Bars / New York / Restaurants/Bars

Death & Company

Saturday was a great day, start to finish.  Ess-a-Bagel was a smart way to start the day and fill up on carbs before heading to The Village Pourhouse for some day drinking while watching the Masters.  Golf may not be the typical sport companion for day drinking, but we seemed to make it work.  By the time the golf ended, we needed to hurry home to get ready for dinner and our night out.  I was only a tad upset about being denied my nap, but I managed to rally even though I no longer consider myself a spring chicken. 

The dinner hot spot of choice was Death and Company (the menu is a tad outdated on the website).  The name derives from the prohibition era mindset that to consume alcohol was to live a life shadowed by death.  Here, bartending is an art.  They are master mixologists and they have put some blood, sweat, and tears into determining the best combinations possible.  When a drink is stirred, they don’t just swish around a swizzle stick.  They meticulously count out each one of the 40-50 rotations.  The tiny restaurant does not accept reservations but after slipping some cash to the bouncer, our names magically moved up the list rather quickly.  Well worth it.  The cocktails were wonderful, and the food didn’t disappoint, either.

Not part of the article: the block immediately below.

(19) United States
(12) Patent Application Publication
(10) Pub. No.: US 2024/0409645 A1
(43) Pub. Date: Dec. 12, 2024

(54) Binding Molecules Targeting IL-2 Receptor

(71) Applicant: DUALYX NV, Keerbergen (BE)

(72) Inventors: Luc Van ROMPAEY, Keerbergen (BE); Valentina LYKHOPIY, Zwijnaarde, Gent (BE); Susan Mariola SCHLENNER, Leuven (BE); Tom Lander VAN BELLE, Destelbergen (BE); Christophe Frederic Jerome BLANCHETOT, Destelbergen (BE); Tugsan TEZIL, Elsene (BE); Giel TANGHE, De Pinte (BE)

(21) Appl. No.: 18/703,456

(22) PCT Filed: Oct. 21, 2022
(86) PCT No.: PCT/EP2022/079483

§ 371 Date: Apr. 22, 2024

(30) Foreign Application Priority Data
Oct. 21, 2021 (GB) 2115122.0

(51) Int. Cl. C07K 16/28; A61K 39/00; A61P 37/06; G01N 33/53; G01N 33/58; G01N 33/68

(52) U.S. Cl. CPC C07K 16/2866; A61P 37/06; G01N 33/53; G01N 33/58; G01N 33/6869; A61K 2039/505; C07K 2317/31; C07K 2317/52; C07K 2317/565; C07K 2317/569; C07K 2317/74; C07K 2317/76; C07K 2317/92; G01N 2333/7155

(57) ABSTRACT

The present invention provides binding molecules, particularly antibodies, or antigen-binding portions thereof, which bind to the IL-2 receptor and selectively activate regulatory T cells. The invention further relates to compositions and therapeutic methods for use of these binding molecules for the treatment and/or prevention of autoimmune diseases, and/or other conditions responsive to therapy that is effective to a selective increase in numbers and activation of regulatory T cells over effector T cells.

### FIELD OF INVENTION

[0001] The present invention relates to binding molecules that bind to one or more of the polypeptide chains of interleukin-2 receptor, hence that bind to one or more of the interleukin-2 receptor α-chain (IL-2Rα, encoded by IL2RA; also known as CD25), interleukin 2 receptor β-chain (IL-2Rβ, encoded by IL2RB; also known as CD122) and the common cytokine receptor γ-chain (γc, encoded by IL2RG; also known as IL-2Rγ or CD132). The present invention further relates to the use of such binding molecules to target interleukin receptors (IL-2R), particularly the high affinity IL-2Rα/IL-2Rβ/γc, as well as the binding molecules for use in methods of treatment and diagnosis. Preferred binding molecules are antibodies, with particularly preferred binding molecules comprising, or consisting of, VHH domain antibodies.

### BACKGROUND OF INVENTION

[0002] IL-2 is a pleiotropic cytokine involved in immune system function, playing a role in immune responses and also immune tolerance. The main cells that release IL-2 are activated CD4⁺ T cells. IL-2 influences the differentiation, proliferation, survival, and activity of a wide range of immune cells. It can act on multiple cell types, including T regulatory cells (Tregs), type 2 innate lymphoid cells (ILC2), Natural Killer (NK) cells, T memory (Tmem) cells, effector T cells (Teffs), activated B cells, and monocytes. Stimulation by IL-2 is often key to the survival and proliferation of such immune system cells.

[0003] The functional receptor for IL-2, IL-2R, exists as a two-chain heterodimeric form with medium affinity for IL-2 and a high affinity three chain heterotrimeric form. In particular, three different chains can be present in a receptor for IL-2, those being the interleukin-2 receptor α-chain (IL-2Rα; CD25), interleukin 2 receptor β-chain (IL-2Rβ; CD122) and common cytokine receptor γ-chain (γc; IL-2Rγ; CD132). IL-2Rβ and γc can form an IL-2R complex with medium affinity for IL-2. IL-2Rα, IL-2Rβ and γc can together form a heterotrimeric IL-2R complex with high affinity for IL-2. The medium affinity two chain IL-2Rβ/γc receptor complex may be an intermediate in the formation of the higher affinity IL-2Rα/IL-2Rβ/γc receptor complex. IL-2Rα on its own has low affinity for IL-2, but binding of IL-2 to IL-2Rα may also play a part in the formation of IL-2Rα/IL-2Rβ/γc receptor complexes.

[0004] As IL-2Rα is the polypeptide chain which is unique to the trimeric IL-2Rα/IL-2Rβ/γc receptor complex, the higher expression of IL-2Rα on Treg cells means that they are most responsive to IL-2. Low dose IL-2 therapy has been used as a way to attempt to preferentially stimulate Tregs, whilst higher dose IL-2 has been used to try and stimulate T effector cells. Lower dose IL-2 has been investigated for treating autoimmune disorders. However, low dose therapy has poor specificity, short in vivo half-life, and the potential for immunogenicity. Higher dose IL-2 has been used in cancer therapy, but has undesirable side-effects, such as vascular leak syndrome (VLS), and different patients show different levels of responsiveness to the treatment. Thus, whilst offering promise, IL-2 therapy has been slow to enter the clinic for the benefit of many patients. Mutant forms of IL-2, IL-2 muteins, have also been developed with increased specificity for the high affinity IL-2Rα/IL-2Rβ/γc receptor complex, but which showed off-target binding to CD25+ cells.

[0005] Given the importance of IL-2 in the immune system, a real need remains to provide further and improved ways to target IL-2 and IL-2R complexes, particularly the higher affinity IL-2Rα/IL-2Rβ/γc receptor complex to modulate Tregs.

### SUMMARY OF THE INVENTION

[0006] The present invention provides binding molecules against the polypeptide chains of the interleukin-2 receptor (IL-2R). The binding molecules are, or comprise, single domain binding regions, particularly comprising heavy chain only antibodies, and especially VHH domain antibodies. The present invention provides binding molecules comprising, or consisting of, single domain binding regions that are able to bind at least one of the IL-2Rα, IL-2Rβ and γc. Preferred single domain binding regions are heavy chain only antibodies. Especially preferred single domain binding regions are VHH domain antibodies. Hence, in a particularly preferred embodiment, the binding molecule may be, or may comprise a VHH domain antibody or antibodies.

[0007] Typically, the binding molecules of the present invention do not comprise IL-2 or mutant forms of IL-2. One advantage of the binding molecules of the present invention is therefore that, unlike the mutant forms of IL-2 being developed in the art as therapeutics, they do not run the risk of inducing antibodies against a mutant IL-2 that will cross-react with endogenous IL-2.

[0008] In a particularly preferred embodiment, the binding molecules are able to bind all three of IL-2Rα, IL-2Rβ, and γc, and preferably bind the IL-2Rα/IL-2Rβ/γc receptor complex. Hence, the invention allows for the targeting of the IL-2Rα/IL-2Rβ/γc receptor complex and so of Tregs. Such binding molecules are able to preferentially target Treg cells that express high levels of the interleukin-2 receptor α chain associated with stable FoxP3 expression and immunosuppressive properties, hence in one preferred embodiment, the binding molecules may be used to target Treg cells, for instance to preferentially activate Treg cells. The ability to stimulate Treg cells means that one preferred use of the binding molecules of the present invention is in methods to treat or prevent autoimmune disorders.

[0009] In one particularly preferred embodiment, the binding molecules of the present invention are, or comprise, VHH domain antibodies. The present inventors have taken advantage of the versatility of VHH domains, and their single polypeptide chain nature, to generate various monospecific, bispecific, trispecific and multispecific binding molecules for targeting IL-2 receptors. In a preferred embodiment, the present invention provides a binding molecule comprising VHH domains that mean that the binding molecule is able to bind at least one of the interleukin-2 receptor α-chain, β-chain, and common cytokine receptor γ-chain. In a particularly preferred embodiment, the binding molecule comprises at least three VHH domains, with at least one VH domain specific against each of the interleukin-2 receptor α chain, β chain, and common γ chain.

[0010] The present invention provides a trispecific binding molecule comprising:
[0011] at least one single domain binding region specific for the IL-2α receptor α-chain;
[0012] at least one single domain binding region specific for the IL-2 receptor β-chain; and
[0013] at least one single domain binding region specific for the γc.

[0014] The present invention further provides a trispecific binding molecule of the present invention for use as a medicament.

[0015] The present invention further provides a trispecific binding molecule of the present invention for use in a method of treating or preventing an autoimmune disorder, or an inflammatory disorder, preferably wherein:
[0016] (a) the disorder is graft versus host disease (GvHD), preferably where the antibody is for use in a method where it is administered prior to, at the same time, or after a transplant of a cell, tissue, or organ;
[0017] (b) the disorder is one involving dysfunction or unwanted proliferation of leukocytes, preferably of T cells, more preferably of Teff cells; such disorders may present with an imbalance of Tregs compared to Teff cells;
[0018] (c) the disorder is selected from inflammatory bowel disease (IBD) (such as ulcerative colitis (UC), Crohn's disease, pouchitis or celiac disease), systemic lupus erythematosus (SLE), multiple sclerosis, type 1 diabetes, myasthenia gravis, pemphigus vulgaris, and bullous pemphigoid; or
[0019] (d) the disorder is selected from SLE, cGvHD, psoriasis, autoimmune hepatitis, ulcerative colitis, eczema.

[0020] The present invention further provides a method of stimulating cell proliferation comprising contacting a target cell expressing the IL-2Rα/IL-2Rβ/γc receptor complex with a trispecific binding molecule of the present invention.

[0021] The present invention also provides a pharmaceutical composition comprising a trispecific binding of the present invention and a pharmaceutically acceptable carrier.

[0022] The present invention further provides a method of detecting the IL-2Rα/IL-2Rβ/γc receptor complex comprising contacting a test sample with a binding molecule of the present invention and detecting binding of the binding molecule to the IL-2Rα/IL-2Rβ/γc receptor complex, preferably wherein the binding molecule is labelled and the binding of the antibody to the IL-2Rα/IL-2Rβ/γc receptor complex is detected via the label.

• Tuna Tartar (with avocado and homemade kettle chips)
  • Lobster Brioche Rolls (with a jicama salad)
  • 2 orders of crispy pork belly (served with cranberry beans and pomegranate)
  • Truffle Mac & Cheese
  • Pulled Pork Sliders (with a potato and apple salad)
Sadly, I only managed to take two pictures before I was told to turn my flash off, but trust me when I say that both taste and presentation for all dishes was well done.  My favorite plates were the Pork Belly (the explosion of the pomegranate was a nice contrast to the creamy beans…plus I love pork belly – it’s basically an excuse to eat pure fat in a nice restaurant) and the Truffle Mac.  I need to buy myself some truffle oil.  It makes everything just taste fancier.  I could probably pour it over Cheerios and feel like I’m in a gourmet restaurant.  I think it has the same effect on food that English accents have on people.  I automatically think Englishmen are intelligent, cultured, and hot – even when they have awful teeth.

After dinner, we tried (and failed) to hit up 2 very crowded bars (Whiskey Town and PDT) before meeting some friends at Dempsey’s.  It was worth going to that bar just to watch a couple NYU students make fools of themselves.  Oh college…

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